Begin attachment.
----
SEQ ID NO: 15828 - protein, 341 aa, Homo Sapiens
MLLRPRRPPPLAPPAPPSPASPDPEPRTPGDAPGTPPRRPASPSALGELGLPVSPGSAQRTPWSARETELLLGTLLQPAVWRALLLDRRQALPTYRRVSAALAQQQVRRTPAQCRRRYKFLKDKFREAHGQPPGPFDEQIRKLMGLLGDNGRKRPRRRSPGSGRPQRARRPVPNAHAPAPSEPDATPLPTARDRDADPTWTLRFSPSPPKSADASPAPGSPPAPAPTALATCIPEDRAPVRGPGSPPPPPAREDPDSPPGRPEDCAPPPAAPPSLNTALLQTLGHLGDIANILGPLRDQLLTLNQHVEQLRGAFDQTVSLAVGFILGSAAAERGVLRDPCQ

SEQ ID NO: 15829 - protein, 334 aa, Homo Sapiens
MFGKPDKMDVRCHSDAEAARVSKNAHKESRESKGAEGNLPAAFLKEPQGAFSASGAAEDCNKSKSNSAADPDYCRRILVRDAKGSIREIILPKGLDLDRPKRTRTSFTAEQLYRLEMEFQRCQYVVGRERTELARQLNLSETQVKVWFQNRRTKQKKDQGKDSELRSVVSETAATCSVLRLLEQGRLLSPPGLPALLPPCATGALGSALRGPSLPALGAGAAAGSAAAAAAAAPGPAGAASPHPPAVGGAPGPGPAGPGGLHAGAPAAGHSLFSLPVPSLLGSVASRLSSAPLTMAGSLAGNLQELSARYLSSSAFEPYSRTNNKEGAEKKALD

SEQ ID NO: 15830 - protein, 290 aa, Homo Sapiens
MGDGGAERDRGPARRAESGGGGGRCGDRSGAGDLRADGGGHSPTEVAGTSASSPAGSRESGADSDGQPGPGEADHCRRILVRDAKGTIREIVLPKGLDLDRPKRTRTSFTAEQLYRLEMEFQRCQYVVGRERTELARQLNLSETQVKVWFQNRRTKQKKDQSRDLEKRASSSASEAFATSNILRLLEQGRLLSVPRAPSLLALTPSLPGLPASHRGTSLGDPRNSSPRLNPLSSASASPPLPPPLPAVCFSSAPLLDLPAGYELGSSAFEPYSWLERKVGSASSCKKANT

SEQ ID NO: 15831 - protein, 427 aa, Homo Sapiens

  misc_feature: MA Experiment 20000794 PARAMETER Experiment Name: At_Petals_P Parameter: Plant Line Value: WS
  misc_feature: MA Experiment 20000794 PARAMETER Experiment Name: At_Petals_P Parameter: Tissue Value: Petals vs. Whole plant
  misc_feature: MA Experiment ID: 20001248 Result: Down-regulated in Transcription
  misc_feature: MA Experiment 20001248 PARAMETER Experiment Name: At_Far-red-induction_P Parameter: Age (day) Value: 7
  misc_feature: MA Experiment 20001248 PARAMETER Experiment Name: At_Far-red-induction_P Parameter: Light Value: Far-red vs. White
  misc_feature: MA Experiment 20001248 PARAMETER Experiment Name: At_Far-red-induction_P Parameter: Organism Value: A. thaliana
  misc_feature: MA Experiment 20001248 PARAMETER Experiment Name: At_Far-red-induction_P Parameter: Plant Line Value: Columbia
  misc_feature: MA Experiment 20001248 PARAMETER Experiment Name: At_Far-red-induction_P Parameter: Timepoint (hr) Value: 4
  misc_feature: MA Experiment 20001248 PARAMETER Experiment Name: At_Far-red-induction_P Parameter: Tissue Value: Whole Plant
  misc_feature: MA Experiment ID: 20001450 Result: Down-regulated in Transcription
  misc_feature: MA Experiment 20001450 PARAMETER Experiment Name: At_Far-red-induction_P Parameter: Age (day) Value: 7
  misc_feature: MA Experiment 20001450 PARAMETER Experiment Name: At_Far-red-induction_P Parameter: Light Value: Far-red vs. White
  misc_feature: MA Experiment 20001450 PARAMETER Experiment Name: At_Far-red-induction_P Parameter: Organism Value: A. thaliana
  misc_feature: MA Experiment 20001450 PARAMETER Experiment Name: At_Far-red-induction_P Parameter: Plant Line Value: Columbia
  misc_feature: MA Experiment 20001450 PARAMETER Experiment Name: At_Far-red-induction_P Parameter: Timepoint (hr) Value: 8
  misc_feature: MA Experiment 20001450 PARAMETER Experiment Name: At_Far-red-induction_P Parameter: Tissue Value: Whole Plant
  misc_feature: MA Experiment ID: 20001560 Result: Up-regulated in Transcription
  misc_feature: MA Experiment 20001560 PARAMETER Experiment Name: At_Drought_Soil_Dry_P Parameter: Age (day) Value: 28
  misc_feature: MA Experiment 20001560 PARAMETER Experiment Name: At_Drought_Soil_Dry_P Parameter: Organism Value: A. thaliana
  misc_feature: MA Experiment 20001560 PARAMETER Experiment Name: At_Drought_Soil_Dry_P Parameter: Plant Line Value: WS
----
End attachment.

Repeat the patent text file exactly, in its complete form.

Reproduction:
SEQ ID NO: 15828 - protein, 341 aa, Homo Sapiens
MLLRPRRPPPLAPPAPPSPASPDPEPRTPGDAPGTPPRRPASPSALGELGLPVSPGSAQRTPWSARETELLLGTLLQPAVWRALLLDRRQALPTYRRVSAALAQQQVRRTPAQCRRRYKFLKDKFREAHGQPPGPFDEQIRKLMGLLGDNGRKRPRRRSPGSGRPQRARRPVPNAHAPAPSEPDATPLPTARDRDADPTWTLRFSPSPPKSADASPAPGSPPAPAPTALATCIPEDRAPVRGPGSPPPPPAREDPDSPPGRPEDCAPPPAAPPSLNTALLQTLGHLGDIANILGPLRDQLLTLNQHVEQLRGAFDQTVSLAVGFILGSAAAERGVLRDPCQ

SEQ ID NO: 15829 - protein, 334 aa, Homo Sapiens
MFGKPDKMDVRCHSDAEAARVSKNAHKESRESKGAEGNLPAAFLKEPQGAFSASGAAEDCNKSKSNSAADPDYCRRILVRDAKGSIREIILPKGLDLDRPKRTRTSFTAEQLYRLEMEFQRCQYVVGRERTELARQLNLSETQVKVWFQNRRTKQKKDQGKDSELRSVVSETAATCSVLRLLEQGRLLSPPGLPALLPPCATGALGSALRGPSLPALGAGAAAGSAAAAAAAAPGPAGAASPHPPAVGGAPGPGPAGPGGLHAGAPAAGHSLFSLPVPSLLGSVASRLSSAPLTMAGSLAGNLQELSARYLSSSAFEPYSRTNNKEGAEKKALD

SEQ ID NO: 15830 - protein, 290 aa, Homo Sapiens
MGDGGAERDRGPARRAESGGGGGRCGDRSGAGDLRADGGGHSPTEVAGTSASSPAGSRESGADSDGQPGPGEADHCRRILVRDAKGTIREIVLPKGLDLDRPKRTRTSFTAEQLYRLEMEFQRCQYVVGRERTELARQLNLSETQVKVWFQNRRTKQKKDQSRDLEKRASSSASEAFATSNILRLLEQGRLLSVPRAPSLLALTPSLPGLPASHRGTSLGDPRNSSPRLNPLSSASASPPLPPPLPAVCFSSAPLLDLPAGYELGSSAFEPYSWLERKVGSASSCKKANT

SEQ ID NO: 15831 - protein, 427 aa, Homo Sapiens

  misc_feature: MA Experiment 20000794 PARAMETER Experiment Name: At_Petals_P Parameter: Plant Line Value: WS
  misc_feature: MA Experiment 20000794 PARAMETER Experiment Name: At_Petals_P Parameter: Tissue Value: Petals vs. Whole plant
  misc_feature: MA Experiment ID: 20001248 Result: Down-regulated in Transcription
  misc_feature: MA Experiment 20001248 PARAMETER Experiment Name: At_Far-red-induction_P Parameter: Age (day) Value: 7
  misc_feature: MA Experiment 20001248 PARAMETER Experiment Name: At_Far-red-induction_P Parameter: Light Value: Far-red vs. White
  misc_feature: MA Experiment 20001248 PARAMETER Experiment Name: At_Far-red-induction_P Parameter: Organism Value: A. thaliana
  misc_feature: MA Experiment 20001248 PARAMETER Experiment Name: At_Far-red-induction_P Parameter: Plant Line Value: Columbia
  misc_feature: MA Experiment 20001248 PARAMETER Experiment Name: At_Far-red-induction_P Parameter: Timepoint (hr) Value: 4
  misc_feature: MA Experiment 20001248 PARAMETER Experiment Name: At_Far-red-induction_P Parameter: Tissue Value: Whole Plant
  misc_feature: MA Experiment ID: 20001450 Result: Down-regulated in Transcription
  misc_feature: MA Experiment 20001450 PARAMETER Experiment Name: At_Far-red-induction_P Parameter: Age (day) Value: 7
  misc_feature: MA Experiment 20001450 PARAMETER Experiment Name: At_Far-red-induction_P Parameter: Light Value: Far-red vs. White
  misc_feature: MA Experiment 20001450 PARAMETER Experiment Name: At_Far-red-induction_P Parameter: Organism Value: A. thaliana
  misc_feature: MA Experiment 20001450 PARAMETER Experiment Name: At_Far-red-induction_P Parameter: Plant Line Value: Columbia
  misc_feature: MA Experiment 20001450 PARAMETER Experiment Name: At_Far-red-induction_P Parameter: Timepoint (hr) Value: 8
  misc_feature: MA Experiment 20001450 PARAMETER Experiment Name: At_Far-red-induction_P Parameter: Tissue Value: Whole Plant
  misc_feature: MA Experiment ID: 20001560 Result: Up-regulated in Transcription
  misc_feature: MA Experiment 20001560 PARAMETER Experiment Name: At_Drought_Soil_Dry_P Parameter: Age (day) Value: 28
  misc_feature: MA Experiment 20001560 PARAMETER Experiment Name: At_Drought_Soil_Dry_P Parameter: Organism Value: A. thaliana
  misc_feature: MA Experiment 20001560 PARAMETER Experiment Name: At_Drought_Soil_Dry_P Parameter: Plant Line Value: WS